Welcome to our weekly roundup of CBD and hemp-related legal and regulatory news:

CBD

U.S. lawmakers propose updating CBD regulations

Under the Hemp Access and Consumer Safety Act introduced by Sens. Ron Wyden (D-Ore.), Jeff Merkley (D-Ore.) and Rand Paul (R-Ky.), consumable products containing hemp-derived CBD would be regulated the same as other food ingredients and dietary supplements. While hemp was legalized as an agricultural commodity in 2018, the FDA has yet to issue rules on the use of CBD in foods and drinks, leaving them in a regulatory gray area. The proposed legislation would direct the FDA to exempt CBD from certain restrictions that prohibit any new dietary ingredient from entering the marketplace if it was previously studied or approved as a drug.

Fla. CBD company looks to avoid sanctions in trade secrets suit

Healthcare Resources Management Group urged a Fla. federal court to deny sanctions proposed by two of its former business partners in a trade secrets suit, saying the motions for sanctions are improper because it “clearly” provided the secret CBD cream formula at issue. The sanction motions contend Healthcare Resources didn’t disclose any proprietary formula to Rejuvenol Laboratories and Medterra Healthcare Resources. In the event that the sanctions motions aren’t outright denied, Healthcare Resources has asked for additional discovery about the defendants’ assertions, specifically related to the ingredients and formulation of the CBD pain cream products.

 

Hemp

Ore. federal judge dismisses hemp company’s suit against county for destruction of $2.5M in hemp

U.S. District Judge Michael McShane fully adopted an earlier recommendation report from U.S. Magistrate Judge Mark D. Clarke, who recommended partially granting Josephine County’s motion to dismiss claims brought by Justin Pitts and Oregonized Hemp, but allowing leave to file a second amended complaint. Judge Clarke said in a Feb. report that Pitt and his company failed to state a claim for relief against any of the 10 Josephine County John Does, who are likely entitled to qualified immunity anyway. “There may be some state law claims that plaintiffs can pursue to remedy the loss of their industrial hemp.” However, due to the warrants obtained, “the constitutional claims are shaky at best.” The counsel for Pitts and Oregonized said he was surprised by the judge’s decision, noting “that’s why they have appellate courts,” adding the company will probably be amending the complaint again.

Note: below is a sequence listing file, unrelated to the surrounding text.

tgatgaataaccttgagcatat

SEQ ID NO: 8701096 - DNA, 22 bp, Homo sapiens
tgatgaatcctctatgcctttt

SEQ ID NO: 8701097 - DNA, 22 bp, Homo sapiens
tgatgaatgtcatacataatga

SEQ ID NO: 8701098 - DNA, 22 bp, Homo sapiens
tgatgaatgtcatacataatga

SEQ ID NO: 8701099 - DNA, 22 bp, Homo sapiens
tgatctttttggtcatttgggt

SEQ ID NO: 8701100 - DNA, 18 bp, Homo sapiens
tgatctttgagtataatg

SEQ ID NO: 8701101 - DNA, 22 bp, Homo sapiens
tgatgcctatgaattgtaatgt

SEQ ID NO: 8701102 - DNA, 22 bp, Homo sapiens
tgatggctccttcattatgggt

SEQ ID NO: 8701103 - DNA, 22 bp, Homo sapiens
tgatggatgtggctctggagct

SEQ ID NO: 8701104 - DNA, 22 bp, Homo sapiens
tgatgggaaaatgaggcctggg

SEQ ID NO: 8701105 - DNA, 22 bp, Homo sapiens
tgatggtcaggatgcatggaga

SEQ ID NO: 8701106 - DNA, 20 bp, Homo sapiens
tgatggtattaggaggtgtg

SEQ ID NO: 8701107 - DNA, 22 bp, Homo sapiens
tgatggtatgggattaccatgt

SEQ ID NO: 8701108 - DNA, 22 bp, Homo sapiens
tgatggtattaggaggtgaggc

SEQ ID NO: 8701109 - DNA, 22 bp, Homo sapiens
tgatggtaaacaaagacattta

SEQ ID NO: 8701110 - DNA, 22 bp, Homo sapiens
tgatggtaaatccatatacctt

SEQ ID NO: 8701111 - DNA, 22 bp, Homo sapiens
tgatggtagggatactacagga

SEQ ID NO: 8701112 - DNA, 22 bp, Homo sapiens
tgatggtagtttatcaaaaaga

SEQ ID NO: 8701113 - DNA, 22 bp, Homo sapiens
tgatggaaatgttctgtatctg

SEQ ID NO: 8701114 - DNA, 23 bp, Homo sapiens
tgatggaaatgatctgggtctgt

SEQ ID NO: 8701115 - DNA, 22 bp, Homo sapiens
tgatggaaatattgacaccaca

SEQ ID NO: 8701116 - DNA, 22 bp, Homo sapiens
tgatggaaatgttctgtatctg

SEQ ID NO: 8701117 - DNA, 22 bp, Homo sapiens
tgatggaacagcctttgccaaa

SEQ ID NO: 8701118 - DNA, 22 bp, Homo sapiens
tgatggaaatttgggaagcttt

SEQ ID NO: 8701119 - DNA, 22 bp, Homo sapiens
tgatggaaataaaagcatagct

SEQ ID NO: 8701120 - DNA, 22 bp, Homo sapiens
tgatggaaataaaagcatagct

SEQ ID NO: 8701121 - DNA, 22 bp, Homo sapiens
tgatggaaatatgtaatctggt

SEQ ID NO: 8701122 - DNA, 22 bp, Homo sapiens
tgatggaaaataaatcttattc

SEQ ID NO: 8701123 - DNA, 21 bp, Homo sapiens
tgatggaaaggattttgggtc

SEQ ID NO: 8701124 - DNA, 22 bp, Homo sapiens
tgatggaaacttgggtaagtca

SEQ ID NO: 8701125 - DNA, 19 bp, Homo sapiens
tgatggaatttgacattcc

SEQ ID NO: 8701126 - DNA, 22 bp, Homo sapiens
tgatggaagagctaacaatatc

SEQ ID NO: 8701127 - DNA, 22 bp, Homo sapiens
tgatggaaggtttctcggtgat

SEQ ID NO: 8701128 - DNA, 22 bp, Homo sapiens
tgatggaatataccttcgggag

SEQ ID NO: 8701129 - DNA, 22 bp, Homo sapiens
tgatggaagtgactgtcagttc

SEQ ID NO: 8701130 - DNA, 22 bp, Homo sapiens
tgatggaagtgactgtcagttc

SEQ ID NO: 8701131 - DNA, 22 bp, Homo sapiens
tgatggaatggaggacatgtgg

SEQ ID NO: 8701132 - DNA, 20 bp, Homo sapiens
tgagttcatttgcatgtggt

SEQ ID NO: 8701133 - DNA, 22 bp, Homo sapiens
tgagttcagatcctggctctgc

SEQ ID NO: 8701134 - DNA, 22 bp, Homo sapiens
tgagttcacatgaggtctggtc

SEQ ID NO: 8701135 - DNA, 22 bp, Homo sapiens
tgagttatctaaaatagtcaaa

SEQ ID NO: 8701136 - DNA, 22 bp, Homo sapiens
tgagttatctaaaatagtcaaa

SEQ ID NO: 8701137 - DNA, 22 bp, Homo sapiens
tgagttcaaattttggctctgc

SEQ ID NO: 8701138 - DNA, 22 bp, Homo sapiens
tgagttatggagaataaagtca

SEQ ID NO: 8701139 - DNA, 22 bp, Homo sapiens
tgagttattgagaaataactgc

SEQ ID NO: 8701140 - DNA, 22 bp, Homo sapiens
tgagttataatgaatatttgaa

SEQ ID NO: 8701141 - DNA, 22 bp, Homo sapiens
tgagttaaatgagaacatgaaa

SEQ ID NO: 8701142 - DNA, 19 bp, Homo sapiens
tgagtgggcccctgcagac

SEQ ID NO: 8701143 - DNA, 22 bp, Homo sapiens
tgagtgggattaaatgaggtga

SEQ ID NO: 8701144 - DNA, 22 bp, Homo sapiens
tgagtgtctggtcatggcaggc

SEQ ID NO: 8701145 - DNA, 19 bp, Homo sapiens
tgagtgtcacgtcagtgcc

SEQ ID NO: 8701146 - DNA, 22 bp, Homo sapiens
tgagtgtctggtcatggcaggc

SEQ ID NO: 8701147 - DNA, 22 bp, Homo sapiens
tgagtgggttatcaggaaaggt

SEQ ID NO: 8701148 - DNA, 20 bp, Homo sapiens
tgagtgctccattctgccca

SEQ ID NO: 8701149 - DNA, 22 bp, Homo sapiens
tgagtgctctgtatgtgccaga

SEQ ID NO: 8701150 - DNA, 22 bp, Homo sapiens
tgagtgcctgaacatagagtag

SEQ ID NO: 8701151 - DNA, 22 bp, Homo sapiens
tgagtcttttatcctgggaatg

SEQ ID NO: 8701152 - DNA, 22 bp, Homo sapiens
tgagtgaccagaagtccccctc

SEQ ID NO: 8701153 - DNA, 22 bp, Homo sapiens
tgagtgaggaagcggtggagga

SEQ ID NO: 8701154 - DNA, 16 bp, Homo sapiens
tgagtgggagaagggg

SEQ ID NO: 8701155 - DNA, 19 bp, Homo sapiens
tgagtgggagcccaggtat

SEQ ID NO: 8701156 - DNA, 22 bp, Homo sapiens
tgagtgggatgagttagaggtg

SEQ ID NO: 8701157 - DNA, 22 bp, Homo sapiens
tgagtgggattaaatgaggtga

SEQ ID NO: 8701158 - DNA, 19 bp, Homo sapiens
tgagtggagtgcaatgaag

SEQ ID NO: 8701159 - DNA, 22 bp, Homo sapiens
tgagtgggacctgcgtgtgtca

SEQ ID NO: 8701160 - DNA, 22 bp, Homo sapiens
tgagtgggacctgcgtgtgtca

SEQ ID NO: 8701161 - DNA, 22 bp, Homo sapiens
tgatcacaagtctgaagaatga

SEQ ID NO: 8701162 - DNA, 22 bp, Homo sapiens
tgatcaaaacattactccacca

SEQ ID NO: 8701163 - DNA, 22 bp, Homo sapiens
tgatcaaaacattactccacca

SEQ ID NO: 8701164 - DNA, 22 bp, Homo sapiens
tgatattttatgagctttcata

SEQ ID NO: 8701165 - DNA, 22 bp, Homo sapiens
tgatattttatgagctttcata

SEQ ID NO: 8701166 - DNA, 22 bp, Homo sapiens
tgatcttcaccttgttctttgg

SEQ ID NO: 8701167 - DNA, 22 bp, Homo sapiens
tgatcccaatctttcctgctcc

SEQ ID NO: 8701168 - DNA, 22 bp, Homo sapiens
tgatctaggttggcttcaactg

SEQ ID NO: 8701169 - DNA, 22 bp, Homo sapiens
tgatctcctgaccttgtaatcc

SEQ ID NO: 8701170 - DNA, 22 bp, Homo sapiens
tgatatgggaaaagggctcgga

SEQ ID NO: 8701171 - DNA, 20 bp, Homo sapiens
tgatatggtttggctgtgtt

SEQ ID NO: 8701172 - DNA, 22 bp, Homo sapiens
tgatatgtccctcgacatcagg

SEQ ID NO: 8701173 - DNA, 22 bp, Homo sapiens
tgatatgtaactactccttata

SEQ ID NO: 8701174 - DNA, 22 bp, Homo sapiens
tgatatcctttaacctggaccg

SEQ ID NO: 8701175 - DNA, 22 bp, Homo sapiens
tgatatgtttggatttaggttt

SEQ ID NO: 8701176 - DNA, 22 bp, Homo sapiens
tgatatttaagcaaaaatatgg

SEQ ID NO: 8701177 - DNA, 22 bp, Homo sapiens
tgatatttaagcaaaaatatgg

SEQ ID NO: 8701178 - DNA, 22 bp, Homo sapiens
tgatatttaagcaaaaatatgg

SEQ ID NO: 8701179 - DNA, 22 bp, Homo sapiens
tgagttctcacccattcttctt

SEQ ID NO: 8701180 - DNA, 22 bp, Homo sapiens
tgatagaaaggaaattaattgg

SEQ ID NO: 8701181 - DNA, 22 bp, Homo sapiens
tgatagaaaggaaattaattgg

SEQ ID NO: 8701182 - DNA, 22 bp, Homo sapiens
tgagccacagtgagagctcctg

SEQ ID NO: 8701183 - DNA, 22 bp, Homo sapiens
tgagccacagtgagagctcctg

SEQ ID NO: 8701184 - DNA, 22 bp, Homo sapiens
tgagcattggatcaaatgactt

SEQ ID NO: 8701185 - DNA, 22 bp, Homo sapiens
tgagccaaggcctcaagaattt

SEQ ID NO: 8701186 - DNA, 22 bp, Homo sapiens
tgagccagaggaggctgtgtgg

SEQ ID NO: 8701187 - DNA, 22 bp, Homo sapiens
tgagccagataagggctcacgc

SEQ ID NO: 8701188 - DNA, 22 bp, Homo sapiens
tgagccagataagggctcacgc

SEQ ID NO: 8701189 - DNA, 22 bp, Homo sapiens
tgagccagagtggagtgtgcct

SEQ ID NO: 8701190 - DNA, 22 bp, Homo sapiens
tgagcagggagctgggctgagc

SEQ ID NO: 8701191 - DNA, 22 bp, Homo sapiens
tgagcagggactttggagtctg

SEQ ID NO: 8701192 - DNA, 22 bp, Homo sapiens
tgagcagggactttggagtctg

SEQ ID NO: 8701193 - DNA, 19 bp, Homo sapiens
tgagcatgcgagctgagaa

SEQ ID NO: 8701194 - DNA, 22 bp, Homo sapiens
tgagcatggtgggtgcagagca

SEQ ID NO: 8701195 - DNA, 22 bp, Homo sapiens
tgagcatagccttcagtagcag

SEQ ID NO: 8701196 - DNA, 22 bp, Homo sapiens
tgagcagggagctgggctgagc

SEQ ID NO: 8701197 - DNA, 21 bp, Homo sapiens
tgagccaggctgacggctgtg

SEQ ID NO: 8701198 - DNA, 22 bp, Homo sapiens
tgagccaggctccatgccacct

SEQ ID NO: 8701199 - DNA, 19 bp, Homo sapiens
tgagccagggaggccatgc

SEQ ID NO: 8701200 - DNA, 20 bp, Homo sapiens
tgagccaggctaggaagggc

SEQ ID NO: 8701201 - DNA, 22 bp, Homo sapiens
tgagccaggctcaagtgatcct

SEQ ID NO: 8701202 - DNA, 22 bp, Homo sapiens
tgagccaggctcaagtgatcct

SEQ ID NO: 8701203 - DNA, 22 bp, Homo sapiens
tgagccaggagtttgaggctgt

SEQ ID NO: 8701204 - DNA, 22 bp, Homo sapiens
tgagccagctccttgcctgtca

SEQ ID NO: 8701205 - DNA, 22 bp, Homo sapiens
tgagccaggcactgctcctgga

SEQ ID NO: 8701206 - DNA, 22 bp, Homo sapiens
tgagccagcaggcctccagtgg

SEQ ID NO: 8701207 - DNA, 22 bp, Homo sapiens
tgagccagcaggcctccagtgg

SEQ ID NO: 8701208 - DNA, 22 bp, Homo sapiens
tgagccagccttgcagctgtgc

Hemp businesses to withdraw challenge to Ind.’s smokable hemp laws

A group of hemp and CBD sellers in Ind. notified U.S. District Judge Sarah Evans Barker of plans to drop a legal challenge to a pair of state laws restricting the sale and distribution of smokable hemp. The voluntarily withdrawal of the case closes the door, at least for now, on a legal battle that began nearly two years ago, when a coalition of hemp vendors sought a ruling that a state law criminalizing the transport and sale of hemp bud or hemp flower conflicted with federal laws that legalized the crop. Since the dismissal is without prejudice, the businesses could refile if the regulatory or enforcement environment changes.

Academic research needed to address hemp’s total THC problem, Trilogene Seeds CEO says

Trilogene Seeds CEO Matt Haddad said hemp seed breeders need to collaborate with academic-run, varietal trials to solve hemp’s total THC problem and move the industry forward. Harvesting a profitable CBD hemp crop without going over the 0.3% THC limit has been challenging for many growers. Haddad noted 95% of all hemp grown last year went “hot,” meaning it had be destroyed. He said quantitative, academic-level research helps hemp seed breeders identify traits, assists growers in finding best-performing varietals for their region and could help persuade U.S. regulators to increase the 0.3% THC minimum, which many in the hemp industry believe is unrealistic.

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